Everyone remember the French Football Team “strike” in 2010 for the South Africa Football World Cup which cost 4.5 million euro to the “Fédération Francaise de Football” (French Football Organization) to refund sponsors. Lance Armstrong losing all of his sponsors in the next twelve hours after his confession about doping… Or more recently the Liverpool FC fans, who signed a petition against a new sponsor (Tibet Water Resources Limited) which they accuse of unethical behavior in Tibet.

Sponsoring is definitely a powerful weapon of communication, but all weapons are double-edged. At a time where “buzz” and social network are building or destroying reputation, it is compulsory to manage carefully your sponsoring relationship.

More…

To read entire paper, click here

 

Editor’s note: Student papers are authored by graduate or undergraduate students based on coursework at accredited universities or training programs.  This paper was prepared as a deliverable for the course “International Contract Management” facilitated by Dr Paul D. Giammalvo of PT Mitratata Citragraha, Jakarta, Indonesia as an Adjunct Professor under contract to SKEMA Business School for the program Master of Science in Project and Programme Management and Business Development.  http://www.skema.edu/programmes/masters-of-science. For more information on this global program (Lille and Paris in France; Belo Horizonte in Brazil), contact Dr Paul Gardiner, Global Programme Director, at [email protected]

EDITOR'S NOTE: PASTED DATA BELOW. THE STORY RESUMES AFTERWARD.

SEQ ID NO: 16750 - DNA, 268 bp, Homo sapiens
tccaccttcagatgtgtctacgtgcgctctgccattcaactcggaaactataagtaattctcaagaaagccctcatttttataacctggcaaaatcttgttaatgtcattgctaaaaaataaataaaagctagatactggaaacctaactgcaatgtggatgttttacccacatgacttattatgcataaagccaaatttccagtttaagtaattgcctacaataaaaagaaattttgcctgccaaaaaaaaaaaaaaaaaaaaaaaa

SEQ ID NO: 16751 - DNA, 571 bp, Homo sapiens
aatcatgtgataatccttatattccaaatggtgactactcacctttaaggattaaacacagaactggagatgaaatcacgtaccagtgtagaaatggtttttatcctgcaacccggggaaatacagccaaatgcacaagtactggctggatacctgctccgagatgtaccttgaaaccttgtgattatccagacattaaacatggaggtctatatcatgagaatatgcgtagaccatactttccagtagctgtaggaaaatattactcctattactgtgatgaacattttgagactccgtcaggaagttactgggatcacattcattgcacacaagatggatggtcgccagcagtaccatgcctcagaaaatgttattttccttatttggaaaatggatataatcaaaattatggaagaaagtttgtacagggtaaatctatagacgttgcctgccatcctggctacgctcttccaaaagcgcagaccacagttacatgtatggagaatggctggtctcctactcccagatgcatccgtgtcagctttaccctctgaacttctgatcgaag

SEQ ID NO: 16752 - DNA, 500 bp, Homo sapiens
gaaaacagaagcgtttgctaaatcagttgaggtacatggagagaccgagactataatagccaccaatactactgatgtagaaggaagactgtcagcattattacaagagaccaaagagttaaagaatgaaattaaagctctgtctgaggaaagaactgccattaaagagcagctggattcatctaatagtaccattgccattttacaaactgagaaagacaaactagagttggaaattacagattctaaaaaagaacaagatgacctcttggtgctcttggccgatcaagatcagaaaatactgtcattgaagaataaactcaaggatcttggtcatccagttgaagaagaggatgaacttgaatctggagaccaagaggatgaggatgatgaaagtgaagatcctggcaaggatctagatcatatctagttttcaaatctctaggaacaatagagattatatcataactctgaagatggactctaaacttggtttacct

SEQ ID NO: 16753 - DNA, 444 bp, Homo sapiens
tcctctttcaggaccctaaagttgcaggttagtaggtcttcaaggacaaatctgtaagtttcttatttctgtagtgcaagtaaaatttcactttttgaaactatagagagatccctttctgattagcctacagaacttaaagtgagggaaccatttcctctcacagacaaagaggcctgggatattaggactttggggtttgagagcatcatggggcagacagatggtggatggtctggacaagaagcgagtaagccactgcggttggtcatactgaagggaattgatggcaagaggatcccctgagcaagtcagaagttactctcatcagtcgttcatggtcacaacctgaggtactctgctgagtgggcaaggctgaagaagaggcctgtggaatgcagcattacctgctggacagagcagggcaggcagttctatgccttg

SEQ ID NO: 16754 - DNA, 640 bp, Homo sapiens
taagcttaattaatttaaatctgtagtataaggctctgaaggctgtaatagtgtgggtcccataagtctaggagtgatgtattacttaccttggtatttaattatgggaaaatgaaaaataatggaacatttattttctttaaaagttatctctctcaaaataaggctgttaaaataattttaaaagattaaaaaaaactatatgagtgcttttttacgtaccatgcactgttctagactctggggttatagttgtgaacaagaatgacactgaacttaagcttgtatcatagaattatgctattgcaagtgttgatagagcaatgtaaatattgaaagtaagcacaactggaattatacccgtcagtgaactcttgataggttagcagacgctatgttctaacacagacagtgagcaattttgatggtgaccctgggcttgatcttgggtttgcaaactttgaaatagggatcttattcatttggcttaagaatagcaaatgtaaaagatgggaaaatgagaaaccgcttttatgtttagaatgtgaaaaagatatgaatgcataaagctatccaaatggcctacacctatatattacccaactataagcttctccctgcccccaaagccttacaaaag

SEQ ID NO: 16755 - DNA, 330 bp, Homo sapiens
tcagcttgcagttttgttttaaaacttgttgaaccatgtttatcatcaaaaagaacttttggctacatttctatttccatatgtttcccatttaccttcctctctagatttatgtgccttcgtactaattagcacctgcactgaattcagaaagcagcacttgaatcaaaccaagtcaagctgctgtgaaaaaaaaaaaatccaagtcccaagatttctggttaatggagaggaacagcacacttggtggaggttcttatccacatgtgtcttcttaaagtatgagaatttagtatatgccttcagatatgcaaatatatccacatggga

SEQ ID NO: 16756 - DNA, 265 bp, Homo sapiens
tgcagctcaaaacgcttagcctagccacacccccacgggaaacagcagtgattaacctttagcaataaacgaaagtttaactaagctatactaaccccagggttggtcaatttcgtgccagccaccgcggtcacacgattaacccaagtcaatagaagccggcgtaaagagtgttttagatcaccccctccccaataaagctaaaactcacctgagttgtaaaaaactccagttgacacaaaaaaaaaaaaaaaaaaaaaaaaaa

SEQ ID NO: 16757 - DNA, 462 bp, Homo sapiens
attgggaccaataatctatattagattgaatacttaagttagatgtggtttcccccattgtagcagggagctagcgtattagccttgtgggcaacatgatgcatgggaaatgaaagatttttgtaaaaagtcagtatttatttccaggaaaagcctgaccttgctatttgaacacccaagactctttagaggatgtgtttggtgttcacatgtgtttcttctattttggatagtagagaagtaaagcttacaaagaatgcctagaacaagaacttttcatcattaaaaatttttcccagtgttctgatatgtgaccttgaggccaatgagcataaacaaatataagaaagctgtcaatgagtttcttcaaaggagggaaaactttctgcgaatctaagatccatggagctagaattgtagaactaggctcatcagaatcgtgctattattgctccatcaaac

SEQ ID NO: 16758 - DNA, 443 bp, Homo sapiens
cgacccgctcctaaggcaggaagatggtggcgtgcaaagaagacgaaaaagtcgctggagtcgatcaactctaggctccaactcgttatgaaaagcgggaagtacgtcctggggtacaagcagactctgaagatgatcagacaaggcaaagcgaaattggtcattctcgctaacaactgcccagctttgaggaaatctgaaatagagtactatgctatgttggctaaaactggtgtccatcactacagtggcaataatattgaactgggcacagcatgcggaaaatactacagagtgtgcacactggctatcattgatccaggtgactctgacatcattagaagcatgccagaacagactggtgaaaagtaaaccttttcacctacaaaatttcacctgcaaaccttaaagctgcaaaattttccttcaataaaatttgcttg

About the Author


Elliot Butruille

SKEMA Business School
Lille, France

 


Elliot BUTRUILLE is a French fifth year engineering student specialized in Transport System and Logistics in Centrale Lille. Simultaneously, he is following a Master’s degree in Project Management and Business Development in SKEMA Lille. He already performed successful experience in India by managing the implementation of the e-commerce reverse logistic of a sport company named Decathlon (€10 billions of turnover).

This dual competence will let him manage technical projects by providing a technical expertise from his engineering master degree and management skills provided by his business master degree. Passionate about sport he is interested in the challenge between business and sport and especially the sponsoring relationship.